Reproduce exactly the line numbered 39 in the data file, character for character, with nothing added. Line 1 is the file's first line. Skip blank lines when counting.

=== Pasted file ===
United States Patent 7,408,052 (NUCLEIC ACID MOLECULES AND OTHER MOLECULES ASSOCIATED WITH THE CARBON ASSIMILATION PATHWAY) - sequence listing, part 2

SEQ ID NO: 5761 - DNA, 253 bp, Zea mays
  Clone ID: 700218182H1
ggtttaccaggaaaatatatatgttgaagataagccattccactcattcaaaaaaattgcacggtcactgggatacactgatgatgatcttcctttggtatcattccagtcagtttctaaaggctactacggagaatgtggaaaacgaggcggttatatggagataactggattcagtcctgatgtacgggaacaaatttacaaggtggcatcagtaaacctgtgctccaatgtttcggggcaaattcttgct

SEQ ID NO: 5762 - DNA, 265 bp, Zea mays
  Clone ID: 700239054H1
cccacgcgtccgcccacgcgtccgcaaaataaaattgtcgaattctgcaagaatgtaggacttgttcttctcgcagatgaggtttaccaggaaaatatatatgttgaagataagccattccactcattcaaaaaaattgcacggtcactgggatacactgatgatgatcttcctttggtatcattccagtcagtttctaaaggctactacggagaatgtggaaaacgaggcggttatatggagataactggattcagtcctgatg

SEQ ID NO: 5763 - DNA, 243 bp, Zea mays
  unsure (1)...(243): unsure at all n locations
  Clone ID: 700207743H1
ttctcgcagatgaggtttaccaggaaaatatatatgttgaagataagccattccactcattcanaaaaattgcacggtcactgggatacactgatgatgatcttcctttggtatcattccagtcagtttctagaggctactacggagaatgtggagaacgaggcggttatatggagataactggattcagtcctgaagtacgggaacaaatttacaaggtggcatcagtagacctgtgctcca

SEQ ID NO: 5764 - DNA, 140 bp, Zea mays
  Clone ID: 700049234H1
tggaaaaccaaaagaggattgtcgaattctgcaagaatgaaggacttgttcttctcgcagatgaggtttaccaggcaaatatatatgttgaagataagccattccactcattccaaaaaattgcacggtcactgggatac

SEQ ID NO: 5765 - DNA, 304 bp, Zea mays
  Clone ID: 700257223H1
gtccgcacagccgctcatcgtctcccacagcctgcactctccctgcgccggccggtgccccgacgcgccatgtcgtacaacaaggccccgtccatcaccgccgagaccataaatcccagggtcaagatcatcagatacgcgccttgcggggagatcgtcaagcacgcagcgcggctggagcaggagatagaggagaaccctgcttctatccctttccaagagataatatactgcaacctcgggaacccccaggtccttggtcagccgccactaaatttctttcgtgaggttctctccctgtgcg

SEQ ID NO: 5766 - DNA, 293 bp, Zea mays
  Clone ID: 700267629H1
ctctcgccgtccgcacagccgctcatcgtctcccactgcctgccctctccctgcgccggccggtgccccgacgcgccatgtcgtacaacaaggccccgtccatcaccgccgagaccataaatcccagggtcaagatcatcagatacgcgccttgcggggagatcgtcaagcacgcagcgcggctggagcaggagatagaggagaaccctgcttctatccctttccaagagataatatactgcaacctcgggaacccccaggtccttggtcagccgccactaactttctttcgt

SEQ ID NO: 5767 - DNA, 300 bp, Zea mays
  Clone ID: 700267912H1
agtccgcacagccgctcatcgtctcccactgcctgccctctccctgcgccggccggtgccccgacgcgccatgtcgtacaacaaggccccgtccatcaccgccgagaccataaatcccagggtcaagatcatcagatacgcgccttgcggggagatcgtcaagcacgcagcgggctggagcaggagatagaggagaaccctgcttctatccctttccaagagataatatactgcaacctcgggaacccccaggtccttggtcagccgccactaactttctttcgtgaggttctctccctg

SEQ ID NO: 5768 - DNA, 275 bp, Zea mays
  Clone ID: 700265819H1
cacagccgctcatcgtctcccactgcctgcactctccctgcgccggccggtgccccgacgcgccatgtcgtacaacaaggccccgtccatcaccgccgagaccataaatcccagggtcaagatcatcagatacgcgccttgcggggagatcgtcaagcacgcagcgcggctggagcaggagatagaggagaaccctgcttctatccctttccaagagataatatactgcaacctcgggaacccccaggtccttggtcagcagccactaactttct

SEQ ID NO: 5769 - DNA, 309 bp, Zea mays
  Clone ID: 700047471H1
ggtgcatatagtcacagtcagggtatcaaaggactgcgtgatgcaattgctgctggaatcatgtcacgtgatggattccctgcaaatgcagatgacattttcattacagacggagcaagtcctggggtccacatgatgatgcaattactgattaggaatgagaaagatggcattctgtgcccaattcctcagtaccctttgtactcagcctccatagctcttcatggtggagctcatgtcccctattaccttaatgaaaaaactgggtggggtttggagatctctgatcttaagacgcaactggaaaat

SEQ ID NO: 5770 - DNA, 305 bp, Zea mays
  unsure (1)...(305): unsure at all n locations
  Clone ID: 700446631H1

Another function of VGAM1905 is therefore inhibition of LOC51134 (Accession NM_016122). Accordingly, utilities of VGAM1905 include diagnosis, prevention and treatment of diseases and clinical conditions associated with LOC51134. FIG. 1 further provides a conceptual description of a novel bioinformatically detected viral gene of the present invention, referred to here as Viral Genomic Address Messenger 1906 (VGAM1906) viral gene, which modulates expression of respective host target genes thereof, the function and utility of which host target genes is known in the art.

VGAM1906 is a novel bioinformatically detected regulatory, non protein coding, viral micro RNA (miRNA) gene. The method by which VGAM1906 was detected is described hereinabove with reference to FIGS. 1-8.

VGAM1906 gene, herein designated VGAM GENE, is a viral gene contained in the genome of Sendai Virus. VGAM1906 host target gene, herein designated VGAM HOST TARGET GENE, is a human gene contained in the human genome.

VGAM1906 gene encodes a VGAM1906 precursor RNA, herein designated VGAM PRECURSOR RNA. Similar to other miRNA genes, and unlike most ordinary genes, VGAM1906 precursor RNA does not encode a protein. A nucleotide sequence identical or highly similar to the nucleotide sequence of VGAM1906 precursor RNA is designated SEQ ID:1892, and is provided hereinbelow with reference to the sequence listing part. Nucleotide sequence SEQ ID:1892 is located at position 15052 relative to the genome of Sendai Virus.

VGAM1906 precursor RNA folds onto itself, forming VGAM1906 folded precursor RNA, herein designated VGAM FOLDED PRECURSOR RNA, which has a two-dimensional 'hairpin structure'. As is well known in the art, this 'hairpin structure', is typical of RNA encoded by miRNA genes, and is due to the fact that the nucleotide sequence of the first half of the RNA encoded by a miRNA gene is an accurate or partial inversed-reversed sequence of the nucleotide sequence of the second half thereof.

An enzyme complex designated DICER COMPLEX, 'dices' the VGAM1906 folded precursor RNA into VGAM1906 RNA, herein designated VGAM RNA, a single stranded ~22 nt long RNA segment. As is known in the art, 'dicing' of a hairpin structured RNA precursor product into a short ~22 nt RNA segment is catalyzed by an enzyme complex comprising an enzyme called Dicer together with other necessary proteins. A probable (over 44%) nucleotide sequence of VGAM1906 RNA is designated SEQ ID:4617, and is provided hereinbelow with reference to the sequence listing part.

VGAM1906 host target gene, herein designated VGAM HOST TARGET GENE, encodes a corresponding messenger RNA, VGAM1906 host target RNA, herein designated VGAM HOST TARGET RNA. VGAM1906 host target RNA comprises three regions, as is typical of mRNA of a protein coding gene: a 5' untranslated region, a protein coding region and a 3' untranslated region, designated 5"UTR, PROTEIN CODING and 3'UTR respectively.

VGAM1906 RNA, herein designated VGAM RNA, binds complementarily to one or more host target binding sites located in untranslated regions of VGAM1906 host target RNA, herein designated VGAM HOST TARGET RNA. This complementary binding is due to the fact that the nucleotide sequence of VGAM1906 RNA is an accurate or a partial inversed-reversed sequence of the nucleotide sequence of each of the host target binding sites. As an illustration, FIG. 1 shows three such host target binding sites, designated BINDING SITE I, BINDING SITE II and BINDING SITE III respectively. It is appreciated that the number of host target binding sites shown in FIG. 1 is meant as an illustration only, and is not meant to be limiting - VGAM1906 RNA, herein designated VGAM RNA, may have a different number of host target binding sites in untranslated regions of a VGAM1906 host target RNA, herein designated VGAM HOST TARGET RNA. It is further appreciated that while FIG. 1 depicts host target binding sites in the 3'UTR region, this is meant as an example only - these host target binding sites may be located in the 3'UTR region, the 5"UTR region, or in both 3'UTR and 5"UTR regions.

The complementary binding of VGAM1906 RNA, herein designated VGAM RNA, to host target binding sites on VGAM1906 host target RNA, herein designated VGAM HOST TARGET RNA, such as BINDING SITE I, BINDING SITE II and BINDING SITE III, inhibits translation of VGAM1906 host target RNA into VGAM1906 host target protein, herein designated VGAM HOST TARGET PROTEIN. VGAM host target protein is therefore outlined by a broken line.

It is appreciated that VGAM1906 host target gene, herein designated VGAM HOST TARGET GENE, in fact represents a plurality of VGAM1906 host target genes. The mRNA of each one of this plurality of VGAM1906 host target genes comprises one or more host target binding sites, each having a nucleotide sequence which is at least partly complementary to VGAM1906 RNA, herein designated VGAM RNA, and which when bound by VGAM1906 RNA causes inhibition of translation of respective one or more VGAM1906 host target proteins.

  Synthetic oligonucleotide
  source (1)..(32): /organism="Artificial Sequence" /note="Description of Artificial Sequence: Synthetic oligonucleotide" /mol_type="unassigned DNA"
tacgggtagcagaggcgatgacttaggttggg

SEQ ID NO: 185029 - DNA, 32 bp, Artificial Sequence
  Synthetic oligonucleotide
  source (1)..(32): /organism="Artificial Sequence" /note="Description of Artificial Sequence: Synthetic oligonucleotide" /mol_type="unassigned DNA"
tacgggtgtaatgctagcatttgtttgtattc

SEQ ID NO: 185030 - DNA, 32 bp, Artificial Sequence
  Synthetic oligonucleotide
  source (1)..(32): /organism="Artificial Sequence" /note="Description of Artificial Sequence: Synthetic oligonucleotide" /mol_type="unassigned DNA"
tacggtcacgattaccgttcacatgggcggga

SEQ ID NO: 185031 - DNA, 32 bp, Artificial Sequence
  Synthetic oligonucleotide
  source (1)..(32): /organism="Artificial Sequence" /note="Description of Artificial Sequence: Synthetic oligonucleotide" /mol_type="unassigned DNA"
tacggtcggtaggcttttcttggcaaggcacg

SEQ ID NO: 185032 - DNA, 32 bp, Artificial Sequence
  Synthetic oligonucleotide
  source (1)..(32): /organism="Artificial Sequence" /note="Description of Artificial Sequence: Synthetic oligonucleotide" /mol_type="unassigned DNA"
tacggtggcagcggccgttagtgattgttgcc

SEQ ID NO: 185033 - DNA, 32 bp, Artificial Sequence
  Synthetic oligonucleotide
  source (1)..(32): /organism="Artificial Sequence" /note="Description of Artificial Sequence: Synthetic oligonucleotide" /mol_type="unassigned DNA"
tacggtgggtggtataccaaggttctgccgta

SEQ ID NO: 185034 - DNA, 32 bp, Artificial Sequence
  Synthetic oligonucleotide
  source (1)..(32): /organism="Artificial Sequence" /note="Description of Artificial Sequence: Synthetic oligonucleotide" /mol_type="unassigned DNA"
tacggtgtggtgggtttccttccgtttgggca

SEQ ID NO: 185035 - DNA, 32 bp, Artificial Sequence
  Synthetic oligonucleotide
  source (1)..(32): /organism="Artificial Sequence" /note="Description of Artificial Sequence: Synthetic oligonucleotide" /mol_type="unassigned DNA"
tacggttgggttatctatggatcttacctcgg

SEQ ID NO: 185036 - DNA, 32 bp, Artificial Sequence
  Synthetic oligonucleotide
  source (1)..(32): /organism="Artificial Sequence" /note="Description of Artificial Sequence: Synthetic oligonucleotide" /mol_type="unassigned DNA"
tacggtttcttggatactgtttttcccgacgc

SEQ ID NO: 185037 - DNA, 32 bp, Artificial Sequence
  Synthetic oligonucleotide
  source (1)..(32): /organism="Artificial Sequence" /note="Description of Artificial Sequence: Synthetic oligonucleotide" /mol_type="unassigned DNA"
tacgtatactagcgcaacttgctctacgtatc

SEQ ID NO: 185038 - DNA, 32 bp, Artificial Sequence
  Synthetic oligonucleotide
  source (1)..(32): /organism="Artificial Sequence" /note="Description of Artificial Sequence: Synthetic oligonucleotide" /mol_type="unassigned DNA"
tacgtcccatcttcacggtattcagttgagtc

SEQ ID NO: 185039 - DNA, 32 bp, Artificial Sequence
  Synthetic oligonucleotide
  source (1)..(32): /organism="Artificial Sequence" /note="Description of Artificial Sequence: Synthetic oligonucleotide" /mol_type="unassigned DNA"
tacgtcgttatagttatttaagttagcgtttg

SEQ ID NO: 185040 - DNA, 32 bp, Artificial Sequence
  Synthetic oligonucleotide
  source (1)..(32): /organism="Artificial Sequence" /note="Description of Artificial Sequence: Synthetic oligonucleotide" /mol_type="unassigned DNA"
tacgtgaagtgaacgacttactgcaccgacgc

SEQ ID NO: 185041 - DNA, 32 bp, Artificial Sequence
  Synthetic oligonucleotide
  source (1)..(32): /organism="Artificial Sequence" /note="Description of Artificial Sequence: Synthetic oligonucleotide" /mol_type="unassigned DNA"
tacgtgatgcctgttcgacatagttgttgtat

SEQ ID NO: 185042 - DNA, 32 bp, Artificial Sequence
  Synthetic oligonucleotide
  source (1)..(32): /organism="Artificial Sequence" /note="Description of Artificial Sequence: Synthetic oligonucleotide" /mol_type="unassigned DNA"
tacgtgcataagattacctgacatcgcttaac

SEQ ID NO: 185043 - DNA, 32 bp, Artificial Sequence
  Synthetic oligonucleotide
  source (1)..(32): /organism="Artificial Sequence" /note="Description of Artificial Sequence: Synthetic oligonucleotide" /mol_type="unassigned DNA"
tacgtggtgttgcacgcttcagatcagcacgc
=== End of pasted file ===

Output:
VGAM1906 host target gene, herein designated VGAM HOST TARGET GENE, encodes a corresponding messenger RNA, VGAM1906 host target RNA, herein designated VGAM HOST TARGET RNA. VGAM1906 host target RNA comprises three regions, as is typical of mRNA of a protein coding gene: a 5' untranslated region, a protein coding region and a 3' untranslated region, designated 5"UTR, PROTEIN CODING and 3'UTR respectively.